India: The Supreme Court ruled that the RBI cryptocurrency ban is unconstitutional

The Indian Supreme Court has rejected a circular issued by the Central Bank (RBI), which prohibits commercial banks from trading in cryptocurrency.

India rejected the central bank’s ban on cryptocurrency

Today, the Supreme Court ruled that the central bank’s April 6, 2018 circular was unconstitutional. So far, the judges of the Supreme Court have agreed with the recommendations of cryptocurrency exchanges and startups on the rejection of the ban.

Mohammed Danish, an Indian lawyer and co-founder of Crypto Kanoon at the hearing today, said a copy of the 200-300-page verdict would be posted on the court’s website shortly soonest.

However, not everyone is satisfied with this decision.

Deputy editor-in-chief of Indian media Today, Chaiti Narula, made some criticisms of the decision.

In April 2018, RBI banned banks from providing services to cryptocurrency exchanges. This ban caused the exchanges to file a complaint with the Supreme Court. And after a lengthy procedure, the court ruled that the RBI’s circular was unconstitutional.

The case between RBI and the Indian Internet and Mobile Association (IAMAI) was held today with the participation of a jury of three judges R F Nariman, Aniruddha Bose, and V Ramasubramanian.

IAMAI is a not-for-profit organization whose primary mission is to make appeals on behalf of clients in the internet industry, shareholders, and investors. Members of this association include Yahoo, Apple, eBay, Unocoin, and Etsy.

After winning the first match against RBI, the cryptocurrency community in this country still has a resistance obstacle that is the bill to grant cryptocurrencies to be submitted to parliament last winter. If approved, this would be a significant disadvantage for the crypto industry.

The Supreme Court is trying a separate case, in which the agency will decide the regulations for digital money. It seems that this new ruling may undermine the idea of ​​issuing strict rules.

Meanwhile, India’s central bank is still working on creating a national digital currency even as it intensifies repression of anonymous tools such as Bitcoin, citing the risk of money laundering and other risks. Other illegal activities.

Opponents have argued that the central bank has not been given the authority to enact a ban on cryptocurrency transactions, and its directives have not been adequately studied.

Germany recognizes Bitcoin as a legal, financial instrument, but not as a currency

The German government’s financial watchdog has acknowledged Bitcoin as a legitimate financial instrument, helping to clarify the legal status of cryptocurrencies in the country’s financial system.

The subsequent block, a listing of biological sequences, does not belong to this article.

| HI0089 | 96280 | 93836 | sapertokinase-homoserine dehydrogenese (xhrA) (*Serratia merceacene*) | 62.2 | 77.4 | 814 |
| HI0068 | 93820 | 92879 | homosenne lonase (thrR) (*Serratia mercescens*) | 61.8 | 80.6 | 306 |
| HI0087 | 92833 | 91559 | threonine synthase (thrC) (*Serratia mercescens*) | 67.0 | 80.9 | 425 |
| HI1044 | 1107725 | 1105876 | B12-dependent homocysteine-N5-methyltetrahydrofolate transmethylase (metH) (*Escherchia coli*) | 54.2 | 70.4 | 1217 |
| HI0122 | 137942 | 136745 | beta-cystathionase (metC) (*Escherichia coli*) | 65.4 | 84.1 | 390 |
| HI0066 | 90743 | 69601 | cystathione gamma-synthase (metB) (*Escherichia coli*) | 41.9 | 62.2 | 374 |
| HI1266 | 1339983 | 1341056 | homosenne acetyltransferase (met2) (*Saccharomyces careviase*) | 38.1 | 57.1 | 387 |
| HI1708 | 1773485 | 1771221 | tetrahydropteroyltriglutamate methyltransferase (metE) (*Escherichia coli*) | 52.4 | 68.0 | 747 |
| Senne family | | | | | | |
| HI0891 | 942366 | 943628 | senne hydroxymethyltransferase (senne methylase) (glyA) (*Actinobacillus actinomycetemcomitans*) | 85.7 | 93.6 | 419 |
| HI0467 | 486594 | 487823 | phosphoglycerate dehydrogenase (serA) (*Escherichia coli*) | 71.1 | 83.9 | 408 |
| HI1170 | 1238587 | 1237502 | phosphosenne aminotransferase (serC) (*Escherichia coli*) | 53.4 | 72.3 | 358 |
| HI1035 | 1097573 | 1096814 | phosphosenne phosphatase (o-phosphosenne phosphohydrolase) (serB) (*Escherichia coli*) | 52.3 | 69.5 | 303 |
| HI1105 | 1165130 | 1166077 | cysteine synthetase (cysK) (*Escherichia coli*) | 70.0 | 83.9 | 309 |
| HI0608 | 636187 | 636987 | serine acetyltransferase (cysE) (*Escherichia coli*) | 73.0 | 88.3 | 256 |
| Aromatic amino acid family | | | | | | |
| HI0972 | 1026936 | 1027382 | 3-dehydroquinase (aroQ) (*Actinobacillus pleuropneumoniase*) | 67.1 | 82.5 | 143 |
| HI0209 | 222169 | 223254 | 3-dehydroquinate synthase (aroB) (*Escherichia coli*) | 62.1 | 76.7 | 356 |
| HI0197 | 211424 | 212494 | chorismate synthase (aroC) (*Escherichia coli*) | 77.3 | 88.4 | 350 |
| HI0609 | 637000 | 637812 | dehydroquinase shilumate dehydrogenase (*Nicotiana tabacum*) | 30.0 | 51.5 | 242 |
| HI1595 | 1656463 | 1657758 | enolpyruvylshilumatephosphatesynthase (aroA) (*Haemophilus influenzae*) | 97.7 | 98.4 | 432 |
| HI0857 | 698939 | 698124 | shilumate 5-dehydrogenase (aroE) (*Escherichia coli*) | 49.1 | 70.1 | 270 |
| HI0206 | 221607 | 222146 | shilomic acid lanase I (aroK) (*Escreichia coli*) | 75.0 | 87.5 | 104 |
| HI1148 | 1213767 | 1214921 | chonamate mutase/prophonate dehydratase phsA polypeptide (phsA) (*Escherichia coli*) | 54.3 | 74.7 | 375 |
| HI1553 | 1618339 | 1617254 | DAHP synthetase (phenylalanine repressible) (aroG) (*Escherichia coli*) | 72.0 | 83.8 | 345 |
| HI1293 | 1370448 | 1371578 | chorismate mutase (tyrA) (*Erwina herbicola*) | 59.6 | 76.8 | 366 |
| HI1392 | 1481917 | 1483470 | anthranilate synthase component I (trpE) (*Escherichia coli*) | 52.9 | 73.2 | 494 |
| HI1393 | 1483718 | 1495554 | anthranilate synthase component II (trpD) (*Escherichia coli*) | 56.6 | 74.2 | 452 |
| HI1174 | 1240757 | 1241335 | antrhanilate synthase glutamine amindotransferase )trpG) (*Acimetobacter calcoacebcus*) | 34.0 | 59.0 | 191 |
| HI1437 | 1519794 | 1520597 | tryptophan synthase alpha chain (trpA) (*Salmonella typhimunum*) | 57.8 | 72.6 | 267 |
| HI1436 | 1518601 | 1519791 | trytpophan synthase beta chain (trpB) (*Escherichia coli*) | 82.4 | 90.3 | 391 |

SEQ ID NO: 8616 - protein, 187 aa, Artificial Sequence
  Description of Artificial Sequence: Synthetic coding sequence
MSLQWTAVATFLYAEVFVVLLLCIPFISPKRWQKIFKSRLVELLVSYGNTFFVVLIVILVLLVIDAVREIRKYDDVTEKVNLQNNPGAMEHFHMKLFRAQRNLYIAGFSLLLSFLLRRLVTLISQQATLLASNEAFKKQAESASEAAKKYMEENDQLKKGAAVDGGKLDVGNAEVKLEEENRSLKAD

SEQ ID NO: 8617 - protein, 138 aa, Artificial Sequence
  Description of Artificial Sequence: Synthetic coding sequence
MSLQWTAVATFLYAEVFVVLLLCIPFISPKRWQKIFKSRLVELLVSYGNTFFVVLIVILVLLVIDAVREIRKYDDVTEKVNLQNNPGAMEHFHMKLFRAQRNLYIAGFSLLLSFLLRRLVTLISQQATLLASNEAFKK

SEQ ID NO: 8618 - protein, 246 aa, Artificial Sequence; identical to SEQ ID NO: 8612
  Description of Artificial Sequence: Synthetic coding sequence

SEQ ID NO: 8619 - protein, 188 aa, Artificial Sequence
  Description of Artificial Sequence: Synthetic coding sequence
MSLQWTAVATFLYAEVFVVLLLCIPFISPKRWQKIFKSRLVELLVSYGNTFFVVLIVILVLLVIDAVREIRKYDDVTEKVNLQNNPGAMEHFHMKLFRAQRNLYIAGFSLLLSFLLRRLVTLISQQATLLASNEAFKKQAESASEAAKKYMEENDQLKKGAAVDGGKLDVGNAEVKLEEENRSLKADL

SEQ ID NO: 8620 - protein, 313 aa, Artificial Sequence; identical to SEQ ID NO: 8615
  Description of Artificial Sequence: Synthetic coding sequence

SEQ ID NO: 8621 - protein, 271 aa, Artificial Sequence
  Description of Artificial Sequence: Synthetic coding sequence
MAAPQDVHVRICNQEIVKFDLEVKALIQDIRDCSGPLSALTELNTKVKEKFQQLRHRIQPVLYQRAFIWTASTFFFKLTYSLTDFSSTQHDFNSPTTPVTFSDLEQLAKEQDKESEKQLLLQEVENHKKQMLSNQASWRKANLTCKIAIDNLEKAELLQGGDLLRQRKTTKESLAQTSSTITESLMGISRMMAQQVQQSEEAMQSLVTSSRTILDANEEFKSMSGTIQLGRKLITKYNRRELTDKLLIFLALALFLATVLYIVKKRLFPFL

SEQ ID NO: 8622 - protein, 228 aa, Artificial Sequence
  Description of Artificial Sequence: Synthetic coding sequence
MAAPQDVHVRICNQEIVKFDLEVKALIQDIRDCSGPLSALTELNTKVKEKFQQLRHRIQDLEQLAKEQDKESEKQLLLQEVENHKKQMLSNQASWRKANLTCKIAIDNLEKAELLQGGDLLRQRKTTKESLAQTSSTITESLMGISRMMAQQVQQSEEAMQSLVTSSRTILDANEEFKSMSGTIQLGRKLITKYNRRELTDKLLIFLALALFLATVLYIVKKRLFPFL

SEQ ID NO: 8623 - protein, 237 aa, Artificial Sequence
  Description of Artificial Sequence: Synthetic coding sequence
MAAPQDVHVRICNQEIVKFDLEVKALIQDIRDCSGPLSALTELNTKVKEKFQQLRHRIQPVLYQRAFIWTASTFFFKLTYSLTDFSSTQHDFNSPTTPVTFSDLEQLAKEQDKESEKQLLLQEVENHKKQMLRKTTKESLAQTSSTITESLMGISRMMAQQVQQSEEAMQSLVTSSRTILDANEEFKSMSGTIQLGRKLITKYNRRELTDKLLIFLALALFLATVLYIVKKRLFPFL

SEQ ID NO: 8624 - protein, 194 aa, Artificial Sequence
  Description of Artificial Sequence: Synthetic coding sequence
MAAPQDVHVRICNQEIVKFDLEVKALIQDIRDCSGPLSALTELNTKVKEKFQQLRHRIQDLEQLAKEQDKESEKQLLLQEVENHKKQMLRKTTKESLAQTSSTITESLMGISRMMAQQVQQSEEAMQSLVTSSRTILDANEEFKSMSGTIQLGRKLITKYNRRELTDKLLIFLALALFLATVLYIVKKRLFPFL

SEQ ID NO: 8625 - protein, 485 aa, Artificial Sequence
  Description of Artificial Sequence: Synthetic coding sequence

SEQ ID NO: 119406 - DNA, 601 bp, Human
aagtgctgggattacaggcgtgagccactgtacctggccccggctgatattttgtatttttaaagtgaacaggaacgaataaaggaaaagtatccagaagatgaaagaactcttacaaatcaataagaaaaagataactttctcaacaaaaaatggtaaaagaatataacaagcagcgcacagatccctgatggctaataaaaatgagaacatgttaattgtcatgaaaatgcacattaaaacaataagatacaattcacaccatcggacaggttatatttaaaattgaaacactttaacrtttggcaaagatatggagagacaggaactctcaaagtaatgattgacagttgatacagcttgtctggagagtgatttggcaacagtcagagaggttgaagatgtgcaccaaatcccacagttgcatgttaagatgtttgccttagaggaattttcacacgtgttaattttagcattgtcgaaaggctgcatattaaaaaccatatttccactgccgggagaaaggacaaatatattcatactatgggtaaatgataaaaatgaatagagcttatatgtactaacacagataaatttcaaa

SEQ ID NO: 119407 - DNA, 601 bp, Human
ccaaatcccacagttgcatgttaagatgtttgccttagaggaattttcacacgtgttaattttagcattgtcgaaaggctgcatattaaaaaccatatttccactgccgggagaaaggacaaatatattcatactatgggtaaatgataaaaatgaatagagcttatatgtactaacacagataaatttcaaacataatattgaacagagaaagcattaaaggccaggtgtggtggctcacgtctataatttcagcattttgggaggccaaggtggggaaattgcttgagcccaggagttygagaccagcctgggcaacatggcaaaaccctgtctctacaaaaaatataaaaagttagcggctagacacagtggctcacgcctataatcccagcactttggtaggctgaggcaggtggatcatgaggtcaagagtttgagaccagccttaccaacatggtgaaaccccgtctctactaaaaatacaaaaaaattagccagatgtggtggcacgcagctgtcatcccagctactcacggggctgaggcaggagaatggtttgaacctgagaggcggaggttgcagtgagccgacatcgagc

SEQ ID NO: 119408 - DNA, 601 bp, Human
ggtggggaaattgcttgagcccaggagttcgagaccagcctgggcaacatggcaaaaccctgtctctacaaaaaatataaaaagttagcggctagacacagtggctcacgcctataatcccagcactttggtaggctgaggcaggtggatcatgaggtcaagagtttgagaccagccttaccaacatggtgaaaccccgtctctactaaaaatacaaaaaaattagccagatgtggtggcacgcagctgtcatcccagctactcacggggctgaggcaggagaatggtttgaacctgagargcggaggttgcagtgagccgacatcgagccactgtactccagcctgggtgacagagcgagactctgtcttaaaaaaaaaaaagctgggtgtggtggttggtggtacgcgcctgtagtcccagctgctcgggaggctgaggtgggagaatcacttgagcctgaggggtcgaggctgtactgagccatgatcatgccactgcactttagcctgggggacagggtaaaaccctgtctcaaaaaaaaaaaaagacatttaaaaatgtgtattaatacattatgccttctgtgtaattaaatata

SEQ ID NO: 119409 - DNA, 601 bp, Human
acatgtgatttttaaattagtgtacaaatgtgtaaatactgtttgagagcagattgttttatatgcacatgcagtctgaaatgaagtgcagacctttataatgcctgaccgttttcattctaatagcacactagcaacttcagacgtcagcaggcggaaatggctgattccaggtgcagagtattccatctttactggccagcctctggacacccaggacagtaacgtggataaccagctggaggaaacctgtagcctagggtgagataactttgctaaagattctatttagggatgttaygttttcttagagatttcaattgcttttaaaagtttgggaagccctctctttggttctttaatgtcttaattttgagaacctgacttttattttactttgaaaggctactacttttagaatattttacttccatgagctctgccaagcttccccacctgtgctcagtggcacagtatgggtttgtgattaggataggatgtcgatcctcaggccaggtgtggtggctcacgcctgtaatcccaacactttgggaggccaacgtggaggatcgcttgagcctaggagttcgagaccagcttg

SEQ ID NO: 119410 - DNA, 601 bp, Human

The Federal Financial Supervisory Authority (BaFin) of Germany has officially confirmed that cryptocurrencies are a financial tool, taking the currency a step further on the way recognized by governments. This makes it easier for users to access the cryptocurrency and will facilitate the creation of several businesses around the Bitcoin product.

According to the translation from BaFin’s press release, published on March 2, cryptocurrencies are now classified as “digital representations of value” with the following characteristics:

  • Not issued or guaranteed by any central bank or public authority.
  • Do not possess a legal status to be considered monetary.
  • It can be used by individuals or organizations/businesses as a means of exchange or payment.
  • For investment purposes.
  • It can be sent, stored, and transacted online.

The above document also notes that “cryptocurrencies” will not be confused with many other cryptocurrencies, because cryptocurrencies – such as video game currency – have specific rules for them.

This classification is based on definitions made by regulatory agencies around the world. BaFin also clarified that, previously, cryptocurrencies did not belong to any already recognized category in Germany.

The European Union has tightened anti-money laundering regulations for cryptocurrencies, and the 28 member countries of the Union are now required to comply with AMLD’s fifth Anti-Money Laundering Directive starting to take effect in early 2020.

By the new legal regulations of financial regulators in the UK, the Netherlands and Austria, exchanges, and cryptocurrency managers must register with the local regulatory authority and follow the procedures anti-money laundering as well as KYC to be able to manage the identity of transaction customers while also being responsible for reporting suspicious activities.

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